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Bengals' passing game off to slow start

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Posted Oct. 01, 2010 @ 4:15 p.m. ET
By Mike Wilkening

The Bengals' passing game is again trying to find its rhythm, even after several offseason moves made with an eye on the attack hitting the high notes of old. 

Such was the concern about the Bengals' passing game after the 20-7 win at Carolina in Week Three that the subject shoved to the side much talk about another above-average Cincinnati defense and the club's overall resilience after responding with two wins following an awful-looking Week One loss at New England. In victory, QB Carson Palmer nonetheless raised concerns about his play after he completed just 19-of-37 passes for 195 yards and was intercepted twice. On his second pick, the pocket collapsed toward him as he threw, and he underthrew WR Terrell Owens.

Not all has been disappointing about the passing game; Palmer threw for 345 yards in the opener and connected with WR Chad Ochocinco on 12 receptions for 159 yards. Also, rookie TE Jermaine Gresham and WR Jordan Shipley have made immediate positive impacts.

That said, the attack hasn't met expectations. Palmer, who struggled toward the end of last season, has had an up-and-down opening to the season. One NFL evaluator, speaking on condition of anonymity, said Palmer's inaccuracy was an issue. The evaluator also said the offense appears to have an identity crisis on its hands; the attack was strongest when it emphasized the run a season ago, but the Bengals, with a host of new weapons for Palmer, averaged 40.7 pass attempts though three games. Another issue to watch: while Palmer has been sacked just three times, he has come under some pressure, as he was on the Owens' interception, and the feeling is the O-line is stronger run-blocking than pass-blocking.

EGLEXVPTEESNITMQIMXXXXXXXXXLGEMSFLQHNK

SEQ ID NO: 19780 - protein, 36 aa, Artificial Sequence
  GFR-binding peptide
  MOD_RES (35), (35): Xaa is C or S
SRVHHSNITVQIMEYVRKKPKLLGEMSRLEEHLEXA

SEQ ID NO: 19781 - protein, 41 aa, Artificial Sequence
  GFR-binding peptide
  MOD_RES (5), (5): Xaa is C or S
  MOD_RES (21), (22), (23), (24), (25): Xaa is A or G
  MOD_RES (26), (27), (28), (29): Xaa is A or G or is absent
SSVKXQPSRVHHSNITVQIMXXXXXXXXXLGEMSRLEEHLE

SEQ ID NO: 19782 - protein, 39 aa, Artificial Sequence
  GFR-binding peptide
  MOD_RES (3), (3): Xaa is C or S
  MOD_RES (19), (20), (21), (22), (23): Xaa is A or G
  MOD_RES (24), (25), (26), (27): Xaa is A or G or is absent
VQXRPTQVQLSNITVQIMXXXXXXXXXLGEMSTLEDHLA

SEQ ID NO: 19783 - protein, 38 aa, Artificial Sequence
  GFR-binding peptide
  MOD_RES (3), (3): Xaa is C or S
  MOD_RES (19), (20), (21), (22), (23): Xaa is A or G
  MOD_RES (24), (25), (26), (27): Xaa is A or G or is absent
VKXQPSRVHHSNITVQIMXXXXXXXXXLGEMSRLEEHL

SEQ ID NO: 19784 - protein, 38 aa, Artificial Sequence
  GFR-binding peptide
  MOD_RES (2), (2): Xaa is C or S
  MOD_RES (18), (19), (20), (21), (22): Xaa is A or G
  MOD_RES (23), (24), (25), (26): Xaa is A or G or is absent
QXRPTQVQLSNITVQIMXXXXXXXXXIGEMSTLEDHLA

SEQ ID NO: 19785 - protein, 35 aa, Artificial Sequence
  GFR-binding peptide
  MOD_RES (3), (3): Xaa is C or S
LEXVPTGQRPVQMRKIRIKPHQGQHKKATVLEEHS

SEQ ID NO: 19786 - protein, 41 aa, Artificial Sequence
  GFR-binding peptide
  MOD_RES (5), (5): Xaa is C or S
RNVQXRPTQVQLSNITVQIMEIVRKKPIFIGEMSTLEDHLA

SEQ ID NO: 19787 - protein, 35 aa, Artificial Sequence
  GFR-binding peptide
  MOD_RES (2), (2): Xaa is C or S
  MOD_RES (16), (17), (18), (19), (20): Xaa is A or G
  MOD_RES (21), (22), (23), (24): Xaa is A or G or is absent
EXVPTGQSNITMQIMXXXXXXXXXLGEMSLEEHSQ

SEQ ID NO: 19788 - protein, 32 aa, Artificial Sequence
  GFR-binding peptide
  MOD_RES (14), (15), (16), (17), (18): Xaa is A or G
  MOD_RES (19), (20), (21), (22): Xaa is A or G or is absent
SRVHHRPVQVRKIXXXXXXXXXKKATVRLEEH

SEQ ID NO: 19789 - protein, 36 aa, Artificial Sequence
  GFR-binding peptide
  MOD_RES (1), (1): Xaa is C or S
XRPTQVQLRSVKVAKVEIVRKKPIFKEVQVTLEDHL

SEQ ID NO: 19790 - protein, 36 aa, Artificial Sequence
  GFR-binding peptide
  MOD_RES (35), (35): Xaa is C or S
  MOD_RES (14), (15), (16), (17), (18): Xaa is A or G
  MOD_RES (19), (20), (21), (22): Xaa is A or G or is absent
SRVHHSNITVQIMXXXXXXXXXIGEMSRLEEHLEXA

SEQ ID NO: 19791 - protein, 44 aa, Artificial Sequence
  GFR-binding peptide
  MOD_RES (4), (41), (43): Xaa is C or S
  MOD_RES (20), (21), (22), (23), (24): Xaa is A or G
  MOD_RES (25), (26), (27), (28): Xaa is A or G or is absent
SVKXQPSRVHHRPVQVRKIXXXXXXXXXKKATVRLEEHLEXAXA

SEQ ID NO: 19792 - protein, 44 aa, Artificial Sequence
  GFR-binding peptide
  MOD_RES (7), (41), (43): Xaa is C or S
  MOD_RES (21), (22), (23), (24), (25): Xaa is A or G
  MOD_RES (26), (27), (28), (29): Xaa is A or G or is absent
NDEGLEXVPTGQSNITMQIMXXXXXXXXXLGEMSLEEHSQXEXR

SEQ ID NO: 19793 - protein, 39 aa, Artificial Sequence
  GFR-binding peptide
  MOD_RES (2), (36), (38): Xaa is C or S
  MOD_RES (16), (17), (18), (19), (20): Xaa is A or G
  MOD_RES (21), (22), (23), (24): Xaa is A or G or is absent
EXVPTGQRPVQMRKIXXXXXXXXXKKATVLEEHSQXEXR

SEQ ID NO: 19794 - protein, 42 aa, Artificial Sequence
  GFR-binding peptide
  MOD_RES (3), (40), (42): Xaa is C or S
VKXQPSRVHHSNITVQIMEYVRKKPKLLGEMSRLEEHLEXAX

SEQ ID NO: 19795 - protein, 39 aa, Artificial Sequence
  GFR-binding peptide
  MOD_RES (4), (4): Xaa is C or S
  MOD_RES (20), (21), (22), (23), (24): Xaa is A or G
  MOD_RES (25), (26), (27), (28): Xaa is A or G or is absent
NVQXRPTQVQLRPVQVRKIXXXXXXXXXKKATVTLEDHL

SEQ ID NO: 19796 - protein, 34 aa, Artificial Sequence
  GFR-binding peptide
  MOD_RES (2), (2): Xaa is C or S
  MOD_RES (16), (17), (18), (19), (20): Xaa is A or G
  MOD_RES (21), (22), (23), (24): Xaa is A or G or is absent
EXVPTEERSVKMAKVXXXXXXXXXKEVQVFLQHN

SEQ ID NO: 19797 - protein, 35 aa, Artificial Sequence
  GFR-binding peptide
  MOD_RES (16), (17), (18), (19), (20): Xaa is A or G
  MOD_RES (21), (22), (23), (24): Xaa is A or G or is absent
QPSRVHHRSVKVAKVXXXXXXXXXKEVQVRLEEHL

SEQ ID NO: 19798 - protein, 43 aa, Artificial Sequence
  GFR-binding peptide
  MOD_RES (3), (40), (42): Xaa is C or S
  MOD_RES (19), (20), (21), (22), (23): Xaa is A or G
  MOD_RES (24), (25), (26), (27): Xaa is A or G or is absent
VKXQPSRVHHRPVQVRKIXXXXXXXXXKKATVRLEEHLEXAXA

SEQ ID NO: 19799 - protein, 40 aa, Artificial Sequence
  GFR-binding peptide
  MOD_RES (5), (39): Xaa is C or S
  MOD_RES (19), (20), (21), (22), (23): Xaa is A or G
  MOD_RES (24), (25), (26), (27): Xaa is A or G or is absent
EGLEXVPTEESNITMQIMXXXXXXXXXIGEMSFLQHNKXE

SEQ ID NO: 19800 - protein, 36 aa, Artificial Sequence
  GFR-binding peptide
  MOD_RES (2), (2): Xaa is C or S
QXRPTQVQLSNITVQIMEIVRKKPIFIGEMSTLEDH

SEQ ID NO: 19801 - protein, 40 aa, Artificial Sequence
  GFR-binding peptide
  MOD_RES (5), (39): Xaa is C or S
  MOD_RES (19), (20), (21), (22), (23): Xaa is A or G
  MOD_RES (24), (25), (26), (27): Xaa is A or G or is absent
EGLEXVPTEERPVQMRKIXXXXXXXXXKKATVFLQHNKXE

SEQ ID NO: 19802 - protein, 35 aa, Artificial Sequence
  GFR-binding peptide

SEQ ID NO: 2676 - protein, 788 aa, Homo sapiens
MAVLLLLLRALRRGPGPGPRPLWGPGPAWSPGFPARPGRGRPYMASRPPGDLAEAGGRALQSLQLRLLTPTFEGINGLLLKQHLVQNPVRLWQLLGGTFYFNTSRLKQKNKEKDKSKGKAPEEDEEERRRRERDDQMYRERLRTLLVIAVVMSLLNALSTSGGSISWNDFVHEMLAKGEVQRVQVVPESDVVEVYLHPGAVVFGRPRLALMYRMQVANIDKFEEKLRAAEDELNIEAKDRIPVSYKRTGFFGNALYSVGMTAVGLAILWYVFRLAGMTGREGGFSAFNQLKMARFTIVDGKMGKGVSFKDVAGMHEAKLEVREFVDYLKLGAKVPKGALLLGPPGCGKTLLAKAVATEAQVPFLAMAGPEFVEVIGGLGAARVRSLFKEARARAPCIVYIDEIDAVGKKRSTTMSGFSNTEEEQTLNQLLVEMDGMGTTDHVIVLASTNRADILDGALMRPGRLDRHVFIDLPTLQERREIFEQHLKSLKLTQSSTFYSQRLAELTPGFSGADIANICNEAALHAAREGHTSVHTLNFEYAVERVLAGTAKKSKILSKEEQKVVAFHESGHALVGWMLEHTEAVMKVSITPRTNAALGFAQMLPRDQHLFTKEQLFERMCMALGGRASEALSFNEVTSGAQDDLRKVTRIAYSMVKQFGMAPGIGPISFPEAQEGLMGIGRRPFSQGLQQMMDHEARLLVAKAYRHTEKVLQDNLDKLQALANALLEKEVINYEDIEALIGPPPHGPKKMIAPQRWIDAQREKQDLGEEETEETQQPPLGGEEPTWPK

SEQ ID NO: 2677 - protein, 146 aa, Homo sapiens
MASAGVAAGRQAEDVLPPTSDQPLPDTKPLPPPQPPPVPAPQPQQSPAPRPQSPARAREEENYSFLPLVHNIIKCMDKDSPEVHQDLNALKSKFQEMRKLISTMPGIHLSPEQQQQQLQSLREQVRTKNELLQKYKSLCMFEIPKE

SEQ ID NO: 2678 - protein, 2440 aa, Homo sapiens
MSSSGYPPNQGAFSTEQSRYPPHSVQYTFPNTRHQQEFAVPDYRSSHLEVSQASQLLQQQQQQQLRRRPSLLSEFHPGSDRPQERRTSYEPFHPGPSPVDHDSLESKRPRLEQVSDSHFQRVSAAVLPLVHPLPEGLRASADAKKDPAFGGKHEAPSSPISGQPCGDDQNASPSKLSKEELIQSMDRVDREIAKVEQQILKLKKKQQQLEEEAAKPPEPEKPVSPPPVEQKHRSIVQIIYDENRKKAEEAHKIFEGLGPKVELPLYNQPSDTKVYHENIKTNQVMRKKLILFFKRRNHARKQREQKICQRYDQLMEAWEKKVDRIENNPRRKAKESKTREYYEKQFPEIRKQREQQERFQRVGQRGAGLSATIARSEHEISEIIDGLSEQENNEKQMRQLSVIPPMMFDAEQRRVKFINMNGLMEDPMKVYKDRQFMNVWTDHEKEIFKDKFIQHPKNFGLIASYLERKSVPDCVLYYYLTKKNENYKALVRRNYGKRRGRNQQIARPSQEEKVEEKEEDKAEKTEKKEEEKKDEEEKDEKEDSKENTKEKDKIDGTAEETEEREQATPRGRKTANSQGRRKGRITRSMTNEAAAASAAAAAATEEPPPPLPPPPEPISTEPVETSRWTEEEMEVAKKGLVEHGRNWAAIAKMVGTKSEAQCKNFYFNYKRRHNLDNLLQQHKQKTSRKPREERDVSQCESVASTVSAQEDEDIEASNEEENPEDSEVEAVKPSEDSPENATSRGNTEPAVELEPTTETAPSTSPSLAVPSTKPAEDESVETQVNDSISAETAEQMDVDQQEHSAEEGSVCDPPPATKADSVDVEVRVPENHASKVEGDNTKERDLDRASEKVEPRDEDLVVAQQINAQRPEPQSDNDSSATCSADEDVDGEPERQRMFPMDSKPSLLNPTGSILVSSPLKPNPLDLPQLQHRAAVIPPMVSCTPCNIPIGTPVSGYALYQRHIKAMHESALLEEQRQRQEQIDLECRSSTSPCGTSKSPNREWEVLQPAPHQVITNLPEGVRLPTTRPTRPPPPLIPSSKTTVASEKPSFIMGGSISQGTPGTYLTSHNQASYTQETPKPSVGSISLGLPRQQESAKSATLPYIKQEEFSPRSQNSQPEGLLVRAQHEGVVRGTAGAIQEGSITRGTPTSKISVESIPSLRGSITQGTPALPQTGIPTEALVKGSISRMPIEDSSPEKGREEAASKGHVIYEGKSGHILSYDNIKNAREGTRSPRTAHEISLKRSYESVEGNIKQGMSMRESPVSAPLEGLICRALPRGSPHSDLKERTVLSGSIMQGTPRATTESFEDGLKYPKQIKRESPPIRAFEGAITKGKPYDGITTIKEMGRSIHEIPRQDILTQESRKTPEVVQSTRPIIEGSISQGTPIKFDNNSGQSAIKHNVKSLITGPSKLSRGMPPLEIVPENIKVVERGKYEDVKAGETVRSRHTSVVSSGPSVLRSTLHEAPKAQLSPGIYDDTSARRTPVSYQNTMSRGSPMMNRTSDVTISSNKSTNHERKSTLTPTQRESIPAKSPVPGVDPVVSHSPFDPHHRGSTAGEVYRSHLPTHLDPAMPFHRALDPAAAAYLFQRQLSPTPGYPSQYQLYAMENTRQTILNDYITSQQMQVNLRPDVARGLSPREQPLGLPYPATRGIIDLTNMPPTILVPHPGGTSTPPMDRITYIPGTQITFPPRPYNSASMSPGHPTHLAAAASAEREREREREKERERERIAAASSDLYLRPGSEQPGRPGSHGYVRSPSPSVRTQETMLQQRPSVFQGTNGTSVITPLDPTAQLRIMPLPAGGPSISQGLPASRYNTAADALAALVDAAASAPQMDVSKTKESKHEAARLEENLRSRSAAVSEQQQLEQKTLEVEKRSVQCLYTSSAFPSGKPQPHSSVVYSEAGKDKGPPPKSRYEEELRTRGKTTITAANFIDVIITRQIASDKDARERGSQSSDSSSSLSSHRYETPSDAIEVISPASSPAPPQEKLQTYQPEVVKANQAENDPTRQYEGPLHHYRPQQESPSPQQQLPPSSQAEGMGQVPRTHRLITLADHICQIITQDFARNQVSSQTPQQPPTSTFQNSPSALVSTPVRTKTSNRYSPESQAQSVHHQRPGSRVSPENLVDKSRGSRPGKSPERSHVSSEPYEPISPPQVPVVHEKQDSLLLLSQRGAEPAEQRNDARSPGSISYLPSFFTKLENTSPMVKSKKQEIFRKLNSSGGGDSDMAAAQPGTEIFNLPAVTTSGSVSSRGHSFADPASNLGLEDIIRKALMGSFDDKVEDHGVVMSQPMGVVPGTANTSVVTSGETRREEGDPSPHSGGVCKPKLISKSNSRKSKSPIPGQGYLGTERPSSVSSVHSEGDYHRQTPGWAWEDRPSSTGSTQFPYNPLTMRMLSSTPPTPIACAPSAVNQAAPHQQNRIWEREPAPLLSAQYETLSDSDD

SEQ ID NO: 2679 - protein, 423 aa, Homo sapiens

Owens, whom the Bengals signed in July, had just 14 catches on 33 targets in the first three games. His take on the intercepted deep ball thrown his way at Carolina included his analysis of some of the attack's early-season issues.

"I was open," Owens said of the play, according to the team's Web site. "I've been open on a number of routes, and for whatever reason, there's always been some kind of breakdown with protection, or Carson has to come out of the pocket, or he's rushed. It's one of those things where it's frustrating for myself, but I've got to keep plugging away.

"I'm not going to gripe. The most important thing, as I've alluded to here, is we're winning. If we were losing, then I would definitely have a lot to say, but the most important thing is the 'W.' "

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